Citterio, who spent years with the Teatro alla Scala Orchestra in Milan, says she took on her new role “more out of curiosity than desire,” considering the group’s passionate nature to be a potential for further personal growth.
It all began in 2013, when Jeanne Lamon announced her impending retirement. Tafelmusik began an intense international search to find a worthy successor, which included inviting guest musicians to play at various performances. It was here that the Italian violinist came onto the scene. “Sometimes, one word can change your whole life,” Citterio says. “In this case, my name and a recording, which came to Tafelmusik’s attention, meant I was invited to take part in the Baroque Masters program.” That invite in 2015 was followed by another in 2016. She was named the musical director in January 2017, making her debut this past September.
“Sometimes, one word can change your whole life”
Citterio is proud to represent the old continent in North America as an Italian; she is most excited by the prospect of bringing to her new role that je ne sais quoi “about our music” that simply can’t be put into words. As well as having a natural talent, Citterio also had a musical upbringing; “Music was listened to and breathed all day,” thanks to her mother – a music teacher and composer. When she was just five, she happened to see a video of an orchestra and instantly fell in love. “The movement of all those well-coordinated bows fascinated me to such an extent that I asked my mother for a violin. From that day on, I never stopped.”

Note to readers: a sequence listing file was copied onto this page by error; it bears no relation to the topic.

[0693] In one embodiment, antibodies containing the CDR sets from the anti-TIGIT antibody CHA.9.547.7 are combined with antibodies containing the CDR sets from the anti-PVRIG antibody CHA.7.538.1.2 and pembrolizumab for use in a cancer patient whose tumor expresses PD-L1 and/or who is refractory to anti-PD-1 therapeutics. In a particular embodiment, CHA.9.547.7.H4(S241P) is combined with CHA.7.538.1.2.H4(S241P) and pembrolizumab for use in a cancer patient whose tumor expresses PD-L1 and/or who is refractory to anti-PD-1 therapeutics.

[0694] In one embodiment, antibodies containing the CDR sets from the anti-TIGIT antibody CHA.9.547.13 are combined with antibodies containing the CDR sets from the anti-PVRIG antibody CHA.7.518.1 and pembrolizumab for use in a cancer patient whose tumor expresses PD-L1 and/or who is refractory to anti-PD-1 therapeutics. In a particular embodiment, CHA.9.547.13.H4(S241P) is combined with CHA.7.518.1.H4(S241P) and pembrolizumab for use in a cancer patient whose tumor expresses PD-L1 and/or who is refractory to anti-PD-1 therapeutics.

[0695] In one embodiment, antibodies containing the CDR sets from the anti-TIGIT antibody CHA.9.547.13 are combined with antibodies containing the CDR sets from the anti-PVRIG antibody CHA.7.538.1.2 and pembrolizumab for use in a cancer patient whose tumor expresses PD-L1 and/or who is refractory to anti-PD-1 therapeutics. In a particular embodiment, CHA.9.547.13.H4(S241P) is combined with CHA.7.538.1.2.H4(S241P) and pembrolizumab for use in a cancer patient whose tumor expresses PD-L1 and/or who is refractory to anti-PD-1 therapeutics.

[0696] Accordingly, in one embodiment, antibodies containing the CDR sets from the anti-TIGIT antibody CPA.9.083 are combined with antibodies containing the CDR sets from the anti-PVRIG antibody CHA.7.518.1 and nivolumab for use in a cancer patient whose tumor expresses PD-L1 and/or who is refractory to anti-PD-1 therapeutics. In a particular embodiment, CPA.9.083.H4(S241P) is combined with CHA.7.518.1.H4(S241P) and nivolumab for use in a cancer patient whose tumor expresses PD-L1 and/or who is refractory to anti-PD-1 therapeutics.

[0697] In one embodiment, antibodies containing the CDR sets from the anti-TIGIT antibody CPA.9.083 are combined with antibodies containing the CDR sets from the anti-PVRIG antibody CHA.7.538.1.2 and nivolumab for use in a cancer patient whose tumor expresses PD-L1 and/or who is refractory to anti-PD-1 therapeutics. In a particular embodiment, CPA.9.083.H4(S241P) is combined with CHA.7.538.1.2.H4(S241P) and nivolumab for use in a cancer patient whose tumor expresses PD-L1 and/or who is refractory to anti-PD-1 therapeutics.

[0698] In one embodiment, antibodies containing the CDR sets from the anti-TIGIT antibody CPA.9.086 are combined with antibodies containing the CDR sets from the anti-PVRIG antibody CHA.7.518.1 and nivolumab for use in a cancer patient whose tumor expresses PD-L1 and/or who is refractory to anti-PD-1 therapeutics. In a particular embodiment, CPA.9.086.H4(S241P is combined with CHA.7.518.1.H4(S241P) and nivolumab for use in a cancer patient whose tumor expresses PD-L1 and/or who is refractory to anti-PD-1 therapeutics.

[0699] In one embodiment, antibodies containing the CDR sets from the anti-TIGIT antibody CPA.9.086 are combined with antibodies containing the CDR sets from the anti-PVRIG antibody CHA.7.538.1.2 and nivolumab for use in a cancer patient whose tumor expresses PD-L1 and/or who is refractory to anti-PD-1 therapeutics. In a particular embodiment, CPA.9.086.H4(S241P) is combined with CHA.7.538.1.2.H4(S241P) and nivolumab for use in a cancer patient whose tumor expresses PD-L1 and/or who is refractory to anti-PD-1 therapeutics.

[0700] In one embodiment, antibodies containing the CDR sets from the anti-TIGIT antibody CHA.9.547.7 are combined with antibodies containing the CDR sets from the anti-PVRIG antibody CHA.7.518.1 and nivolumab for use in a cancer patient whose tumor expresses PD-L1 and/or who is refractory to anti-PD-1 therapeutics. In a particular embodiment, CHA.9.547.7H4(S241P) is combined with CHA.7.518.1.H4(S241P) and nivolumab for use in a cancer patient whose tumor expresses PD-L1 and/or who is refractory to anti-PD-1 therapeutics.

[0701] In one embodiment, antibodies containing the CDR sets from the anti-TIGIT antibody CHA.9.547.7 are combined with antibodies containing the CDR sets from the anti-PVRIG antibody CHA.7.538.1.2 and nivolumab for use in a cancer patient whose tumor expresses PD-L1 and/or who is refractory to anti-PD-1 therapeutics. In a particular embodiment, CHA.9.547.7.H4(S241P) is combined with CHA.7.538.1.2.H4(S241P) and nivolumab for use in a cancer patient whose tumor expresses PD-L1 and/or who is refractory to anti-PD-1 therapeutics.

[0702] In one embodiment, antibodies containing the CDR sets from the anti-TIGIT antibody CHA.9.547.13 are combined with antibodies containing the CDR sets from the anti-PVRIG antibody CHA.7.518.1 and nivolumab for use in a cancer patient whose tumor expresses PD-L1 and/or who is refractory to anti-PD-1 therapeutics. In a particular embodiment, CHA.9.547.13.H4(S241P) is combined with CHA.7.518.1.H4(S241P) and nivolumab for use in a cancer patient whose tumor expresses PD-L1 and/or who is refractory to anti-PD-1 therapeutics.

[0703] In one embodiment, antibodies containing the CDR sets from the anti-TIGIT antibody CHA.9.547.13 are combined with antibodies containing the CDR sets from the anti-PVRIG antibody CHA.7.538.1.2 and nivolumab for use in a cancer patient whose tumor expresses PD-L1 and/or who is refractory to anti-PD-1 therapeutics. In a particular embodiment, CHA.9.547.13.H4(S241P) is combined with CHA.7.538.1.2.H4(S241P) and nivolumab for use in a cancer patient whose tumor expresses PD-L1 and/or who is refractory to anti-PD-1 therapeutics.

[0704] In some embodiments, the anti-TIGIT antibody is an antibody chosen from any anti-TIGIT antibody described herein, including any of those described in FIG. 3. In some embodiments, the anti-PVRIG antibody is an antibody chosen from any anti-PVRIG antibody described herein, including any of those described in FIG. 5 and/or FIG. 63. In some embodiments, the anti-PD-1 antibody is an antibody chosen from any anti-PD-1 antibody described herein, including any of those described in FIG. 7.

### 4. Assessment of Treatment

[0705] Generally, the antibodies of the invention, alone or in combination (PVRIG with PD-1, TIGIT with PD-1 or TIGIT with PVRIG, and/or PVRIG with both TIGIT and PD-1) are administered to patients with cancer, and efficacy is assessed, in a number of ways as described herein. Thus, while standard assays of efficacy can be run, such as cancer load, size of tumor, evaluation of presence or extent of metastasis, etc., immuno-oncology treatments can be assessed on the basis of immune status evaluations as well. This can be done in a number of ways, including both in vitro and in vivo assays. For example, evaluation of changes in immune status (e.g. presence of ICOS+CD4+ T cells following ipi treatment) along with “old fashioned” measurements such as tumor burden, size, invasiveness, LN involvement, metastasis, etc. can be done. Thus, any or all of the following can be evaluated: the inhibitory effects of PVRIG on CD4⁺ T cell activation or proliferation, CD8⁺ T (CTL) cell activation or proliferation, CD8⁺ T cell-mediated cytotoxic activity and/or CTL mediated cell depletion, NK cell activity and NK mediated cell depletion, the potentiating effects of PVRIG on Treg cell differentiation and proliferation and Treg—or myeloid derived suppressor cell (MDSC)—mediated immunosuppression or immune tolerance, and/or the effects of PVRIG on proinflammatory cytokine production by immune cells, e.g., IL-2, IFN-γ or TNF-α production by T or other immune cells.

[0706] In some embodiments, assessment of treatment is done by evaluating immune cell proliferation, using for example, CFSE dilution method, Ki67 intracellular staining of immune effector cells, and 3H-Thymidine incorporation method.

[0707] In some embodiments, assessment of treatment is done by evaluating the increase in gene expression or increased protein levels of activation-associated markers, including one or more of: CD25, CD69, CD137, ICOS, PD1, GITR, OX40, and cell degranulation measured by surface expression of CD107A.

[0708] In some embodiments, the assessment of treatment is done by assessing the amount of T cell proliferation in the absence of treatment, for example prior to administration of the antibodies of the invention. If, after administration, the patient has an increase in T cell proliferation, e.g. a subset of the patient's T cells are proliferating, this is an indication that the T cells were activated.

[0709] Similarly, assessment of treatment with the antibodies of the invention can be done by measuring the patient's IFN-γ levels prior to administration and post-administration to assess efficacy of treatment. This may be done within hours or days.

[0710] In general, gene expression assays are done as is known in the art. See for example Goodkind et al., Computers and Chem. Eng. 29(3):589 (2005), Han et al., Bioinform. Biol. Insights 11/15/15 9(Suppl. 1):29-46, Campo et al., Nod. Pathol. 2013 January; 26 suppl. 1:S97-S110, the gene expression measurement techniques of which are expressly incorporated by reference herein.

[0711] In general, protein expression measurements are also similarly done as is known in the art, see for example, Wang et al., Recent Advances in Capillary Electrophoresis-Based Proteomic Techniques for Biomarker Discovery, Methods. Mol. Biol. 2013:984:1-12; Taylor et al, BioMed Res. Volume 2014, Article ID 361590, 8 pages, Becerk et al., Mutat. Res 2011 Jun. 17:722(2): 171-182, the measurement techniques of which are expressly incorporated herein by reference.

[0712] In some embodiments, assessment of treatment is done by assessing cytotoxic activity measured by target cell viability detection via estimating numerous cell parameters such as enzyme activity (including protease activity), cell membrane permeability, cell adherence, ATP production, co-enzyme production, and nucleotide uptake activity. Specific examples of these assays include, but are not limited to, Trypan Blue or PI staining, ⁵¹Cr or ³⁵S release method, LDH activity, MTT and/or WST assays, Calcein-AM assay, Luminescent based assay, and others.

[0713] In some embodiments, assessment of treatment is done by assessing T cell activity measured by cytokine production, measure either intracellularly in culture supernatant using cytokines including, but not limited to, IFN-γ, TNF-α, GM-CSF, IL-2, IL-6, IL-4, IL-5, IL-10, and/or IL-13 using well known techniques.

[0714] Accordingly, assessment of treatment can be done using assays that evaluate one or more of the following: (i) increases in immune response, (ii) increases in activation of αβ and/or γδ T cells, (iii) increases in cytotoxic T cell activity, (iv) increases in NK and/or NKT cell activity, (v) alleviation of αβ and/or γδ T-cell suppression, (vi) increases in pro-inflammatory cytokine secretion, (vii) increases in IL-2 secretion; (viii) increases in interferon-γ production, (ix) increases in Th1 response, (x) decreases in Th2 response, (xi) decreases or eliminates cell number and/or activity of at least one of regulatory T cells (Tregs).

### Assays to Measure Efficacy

“The movement of all those well-coordinated bows fascinated me to such
an extent that I asked my mother for a violin. From that day on, I never stopped”
Despite having also studied the piano – another great passion – at 16, she dedicated herself solely to the violin. Due to her busy schedule filled with projects and tours, she had less time for other activities. Citterio underlines a fundamental difference between musicians of antiquity and those of today: “All musicians from the early days of musical history were composers and multi-instrumentalists who sometimes experimented with other art forms. Naturally their training and musical activity were not comparable to ours today, as musicians face decades of repertoire,” she explains.
Elisa Citterio, photo by Monica Cordiviola
Indeed, when seeing her at work, one can glean her natural talent and innovative approach, but also apparent are the years she spent studying an incredibly rich repertoire. She directs the orchestra with light, lively and passionate movements, evoking a great amount of emotion. The role of first violin – directing the ensemble without the baton that most people expect to see – is certainly not for everyone, she admits. “It’s a very complex role, more than directing without an instrument. The body becomes a means to guide the orchestra. The more the understanding grows, the less intense my hints have to be. Let’s just say that I can never get sick before a concert!”
What she would like to take back to Italy from her North American experience is the incredible teamwork that characterizes Tafelmusik. “You can easily describe it as one big family because of our way everyone interacts with each other and because of the consideration given to the affectionate fans and supporters. In Italy, there is not that same tight-knit structure that is so attentive to reciprocal needs, nor is there a strong fan-base for artistic projects,” she explains. Laughing about her first Canadian winter, Citterio says, “My family and I are waiting fearfully for the arrival of the cold and we are struggling to imagine how we will survive it!”